Having only played a few shows beginning in February this year, she has already played some of Philadelphia’s top venues such as The World Café Live and The Tin Angel, sharing the stage with such local greats as Four Way Street. Though her health has made it necessary for her to stick to primarily opening gigs, or shorter sets, this young chanteuse still persistently charges after an opportunity to be heard. She’s shared the stage with Philly locals Josh Komorowski (Love Syndicate) and Seth Kallen at the Tin Angel and packed the house. And on May 20th and 21st she opened for Jeffrey Gaines followed by David Poe at Steel City Coffeehouse in Phoenixville, PA. Philly’s most well-known singer/songwriter radio station WXPN 88.5 has also been supporting her album with regular airplay and an in-studio performance set to air in the upcoming weeks. SATURDAY, JULY 2nd she will be performing at the TIN ANGEL as well as at WXPN ALL ABOUT THE MUSIC FESTIVAL in CAMDEN NJ on JULY 24th.

About Melody Gardot:

What is most amazing about Melody Gardot is her ability to see the struggle in her life as a positive and push beyond the daily pain and doctor’s visits that keep her tied up 5 days a week. A typical day leaves her out of the house from 9-6, for the time that most people spend working. She sees doctors on a daily basis for the continuing problems that are a result of the automobile accident, yet somehow she still finds it in her to keep a stiff upper lip, draw on the positive, and make beautiful music. Truly an inspiration to us all.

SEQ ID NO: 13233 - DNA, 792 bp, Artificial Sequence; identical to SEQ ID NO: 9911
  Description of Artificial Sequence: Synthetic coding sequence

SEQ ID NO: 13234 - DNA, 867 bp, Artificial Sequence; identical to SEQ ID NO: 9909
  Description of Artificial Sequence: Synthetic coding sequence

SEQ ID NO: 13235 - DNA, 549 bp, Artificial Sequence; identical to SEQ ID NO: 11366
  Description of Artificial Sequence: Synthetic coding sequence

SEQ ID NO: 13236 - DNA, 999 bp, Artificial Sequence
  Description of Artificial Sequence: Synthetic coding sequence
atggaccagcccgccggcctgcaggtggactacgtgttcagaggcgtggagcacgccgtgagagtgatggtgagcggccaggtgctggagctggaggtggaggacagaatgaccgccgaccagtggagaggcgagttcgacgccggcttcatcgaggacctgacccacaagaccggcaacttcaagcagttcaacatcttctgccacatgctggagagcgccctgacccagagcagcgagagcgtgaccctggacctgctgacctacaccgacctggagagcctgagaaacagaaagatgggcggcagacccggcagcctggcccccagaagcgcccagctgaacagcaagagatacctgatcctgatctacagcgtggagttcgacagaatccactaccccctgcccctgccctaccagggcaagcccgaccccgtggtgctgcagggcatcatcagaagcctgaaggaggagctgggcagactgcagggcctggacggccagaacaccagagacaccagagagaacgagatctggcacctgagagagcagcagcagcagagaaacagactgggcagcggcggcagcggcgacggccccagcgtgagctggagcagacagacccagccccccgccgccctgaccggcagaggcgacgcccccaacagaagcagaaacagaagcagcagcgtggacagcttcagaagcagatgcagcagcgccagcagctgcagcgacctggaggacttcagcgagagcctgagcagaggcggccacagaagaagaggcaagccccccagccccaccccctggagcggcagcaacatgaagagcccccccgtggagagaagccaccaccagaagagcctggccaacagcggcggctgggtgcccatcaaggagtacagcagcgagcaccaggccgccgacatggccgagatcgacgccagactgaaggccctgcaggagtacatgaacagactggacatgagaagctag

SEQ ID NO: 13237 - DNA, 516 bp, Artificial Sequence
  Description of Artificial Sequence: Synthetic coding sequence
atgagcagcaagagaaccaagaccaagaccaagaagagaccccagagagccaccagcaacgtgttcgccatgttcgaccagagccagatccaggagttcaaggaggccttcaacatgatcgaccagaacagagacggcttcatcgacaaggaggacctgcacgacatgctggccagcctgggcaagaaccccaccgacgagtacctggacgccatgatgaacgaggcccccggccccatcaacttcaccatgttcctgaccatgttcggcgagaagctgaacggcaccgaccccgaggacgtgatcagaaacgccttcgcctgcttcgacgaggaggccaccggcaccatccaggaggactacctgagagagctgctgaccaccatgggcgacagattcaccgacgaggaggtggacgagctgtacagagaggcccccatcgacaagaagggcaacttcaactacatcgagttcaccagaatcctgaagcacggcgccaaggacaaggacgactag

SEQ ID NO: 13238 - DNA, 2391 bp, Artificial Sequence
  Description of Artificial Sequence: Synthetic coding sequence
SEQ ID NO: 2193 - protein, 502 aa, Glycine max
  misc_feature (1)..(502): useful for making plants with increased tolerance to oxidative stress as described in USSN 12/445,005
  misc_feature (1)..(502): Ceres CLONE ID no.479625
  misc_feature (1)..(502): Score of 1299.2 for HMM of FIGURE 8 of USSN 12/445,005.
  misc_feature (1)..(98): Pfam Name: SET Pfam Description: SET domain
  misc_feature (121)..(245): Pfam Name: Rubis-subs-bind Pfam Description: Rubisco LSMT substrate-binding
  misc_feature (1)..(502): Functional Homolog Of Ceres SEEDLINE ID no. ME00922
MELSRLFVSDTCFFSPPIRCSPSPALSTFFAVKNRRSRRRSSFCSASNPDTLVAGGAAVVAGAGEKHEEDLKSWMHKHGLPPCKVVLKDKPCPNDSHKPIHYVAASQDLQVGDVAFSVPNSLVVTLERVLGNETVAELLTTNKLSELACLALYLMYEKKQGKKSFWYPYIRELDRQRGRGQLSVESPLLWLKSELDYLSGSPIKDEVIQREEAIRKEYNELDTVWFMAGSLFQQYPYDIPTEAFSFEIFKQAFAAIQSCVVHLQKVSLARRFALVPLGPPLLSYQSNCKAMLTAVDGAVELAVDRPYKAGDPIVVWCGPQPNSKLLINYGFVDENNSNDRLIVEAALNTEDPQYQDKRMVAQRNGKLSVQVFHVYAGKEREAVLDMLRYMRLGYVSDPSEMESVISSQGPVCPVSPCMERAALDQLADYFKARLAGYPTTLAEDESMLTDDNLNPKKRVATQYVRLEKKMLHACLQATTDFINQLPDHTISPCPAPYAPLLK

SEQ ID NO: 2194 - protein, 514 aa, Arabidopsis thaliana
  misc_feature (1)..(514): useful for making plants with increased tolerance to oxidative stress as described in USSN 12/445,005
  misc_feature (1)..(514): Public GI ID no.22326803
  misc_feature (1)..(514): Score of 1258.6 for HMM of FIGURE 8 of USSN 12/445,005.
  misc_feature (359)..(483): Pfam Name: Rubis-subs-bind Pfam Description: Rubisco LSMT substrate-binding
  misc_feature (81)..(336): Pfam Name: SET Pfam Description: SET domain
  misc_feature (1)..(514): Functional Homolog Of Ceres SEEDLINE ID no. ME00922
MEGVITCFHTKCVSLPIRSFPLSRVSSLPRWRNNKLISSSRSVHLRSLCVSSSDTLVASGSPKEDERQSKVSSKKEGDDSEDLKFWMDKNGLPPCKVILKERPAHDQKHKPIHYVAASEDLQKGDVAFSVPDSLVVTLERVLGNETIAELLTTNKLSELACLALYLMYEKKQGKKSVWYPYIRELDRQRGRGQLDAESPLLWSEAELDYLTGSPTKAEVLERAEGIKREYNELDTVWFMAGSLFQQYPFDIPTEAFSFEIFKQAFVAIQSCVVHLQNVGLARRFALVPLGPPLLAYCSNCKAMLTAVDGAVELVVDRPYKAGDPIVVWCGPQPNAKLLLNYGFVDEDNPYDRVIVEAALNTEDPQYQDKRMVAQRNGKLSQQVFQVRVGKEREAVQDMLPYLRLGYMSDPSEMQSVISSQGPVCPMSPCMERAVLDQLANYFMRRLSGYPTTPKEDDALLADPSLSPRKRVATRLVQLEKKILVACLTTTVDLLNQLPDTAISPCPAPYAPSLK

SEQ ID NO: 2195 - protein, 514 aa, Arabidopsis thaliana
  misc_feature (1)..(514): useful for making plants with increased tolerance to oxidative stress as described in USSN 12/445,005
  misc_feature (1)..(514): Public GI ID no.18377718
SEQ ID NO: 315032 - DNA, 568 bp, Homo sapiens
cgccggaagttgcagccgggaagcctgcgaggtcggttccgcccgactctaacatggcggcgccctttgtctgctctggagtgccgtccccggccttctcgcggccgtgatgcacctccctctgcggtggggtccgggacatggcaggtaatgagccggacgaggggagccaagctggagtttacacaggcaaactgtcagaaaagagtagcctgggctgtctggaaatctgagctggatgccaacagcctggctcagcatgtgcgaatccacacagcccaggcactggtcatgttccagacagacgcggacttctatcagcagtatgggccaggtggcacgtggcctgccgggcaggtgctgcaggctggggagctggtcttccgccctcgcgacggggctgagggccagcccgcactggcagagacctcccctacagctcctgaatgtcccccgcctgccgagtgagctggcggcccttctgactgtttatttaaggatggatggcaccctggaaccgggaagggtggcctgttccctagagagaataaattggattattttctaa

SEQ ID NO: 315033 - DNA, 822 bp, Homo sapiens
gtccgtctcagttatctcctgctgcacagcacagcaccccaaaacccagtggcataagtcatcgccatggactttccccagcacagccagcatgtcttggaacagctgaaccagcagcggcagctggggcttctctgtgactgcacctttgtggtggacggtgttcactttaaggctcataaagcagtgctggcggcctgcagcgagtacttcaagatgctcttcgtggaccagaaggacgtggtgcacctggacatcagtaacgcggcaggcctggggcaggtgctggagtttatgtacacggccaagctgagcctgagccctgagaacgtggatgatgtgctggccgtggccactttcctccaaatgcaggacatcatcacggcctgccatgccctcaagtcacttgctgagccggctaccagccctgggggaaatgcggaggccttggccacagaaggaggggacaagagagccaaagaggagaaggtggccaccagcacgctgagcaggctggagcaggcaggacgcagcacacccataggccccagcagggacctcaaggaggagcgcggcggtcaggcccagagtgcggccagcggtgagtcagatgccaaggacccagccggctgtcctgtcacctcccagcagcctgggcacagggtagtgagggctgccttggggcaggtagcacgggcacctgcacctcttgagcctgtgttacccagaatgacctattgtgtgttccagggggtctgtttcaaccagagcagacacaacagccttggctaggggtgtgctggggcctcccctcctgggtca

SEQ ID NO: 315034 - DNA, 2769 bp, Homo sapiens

" honors Melody Gardot"

As a former bass player and singer who has suffered hearing damage and tinnitus I appreciate Melody's courage and talents in the face of her affliction. - Kathy Peck



SOUTHAMPTON - Melody Gardot was living life to the hilt.

Just 19 years old, [melody] would rise early at her Philadelphia apartment, hit the gym, go to her college classes, stay up late, cram, eat and have fun.

Then one night in November 2003, everything changed. During a bike trip to the bank, Gardot was hit by a sport utility vehicle. She was thrown from her bike, and she suffered head and pel-vic injuries.

"It was comic-book like," she said. "I tried to move, but my legs wouldn't listen."

Today, Melody Gardot jokes that she lives at the speed of a grandmother.

She slowly makes her way around her family's Southampton home. A cane takes pressure off her recovering bones. She sits away from the light, sunglasses protecting her eyes, which are "flooded," or overstimulated, sensitive to any light because of nerve damage.

Her recovery has been long, difficult and frustrating. Six days of doctor's appointments every week. Steroid injections. A 32-day stay at MossRehab in Philadelphia. At one point, a dozen prescriptions to kill the pain.

And her memory. Gardot would eat six apples in an afternoon and wonder why her stomach ached. She could no longer multitask. Showers became 90-minute, "Where did I put the shampoo?" events.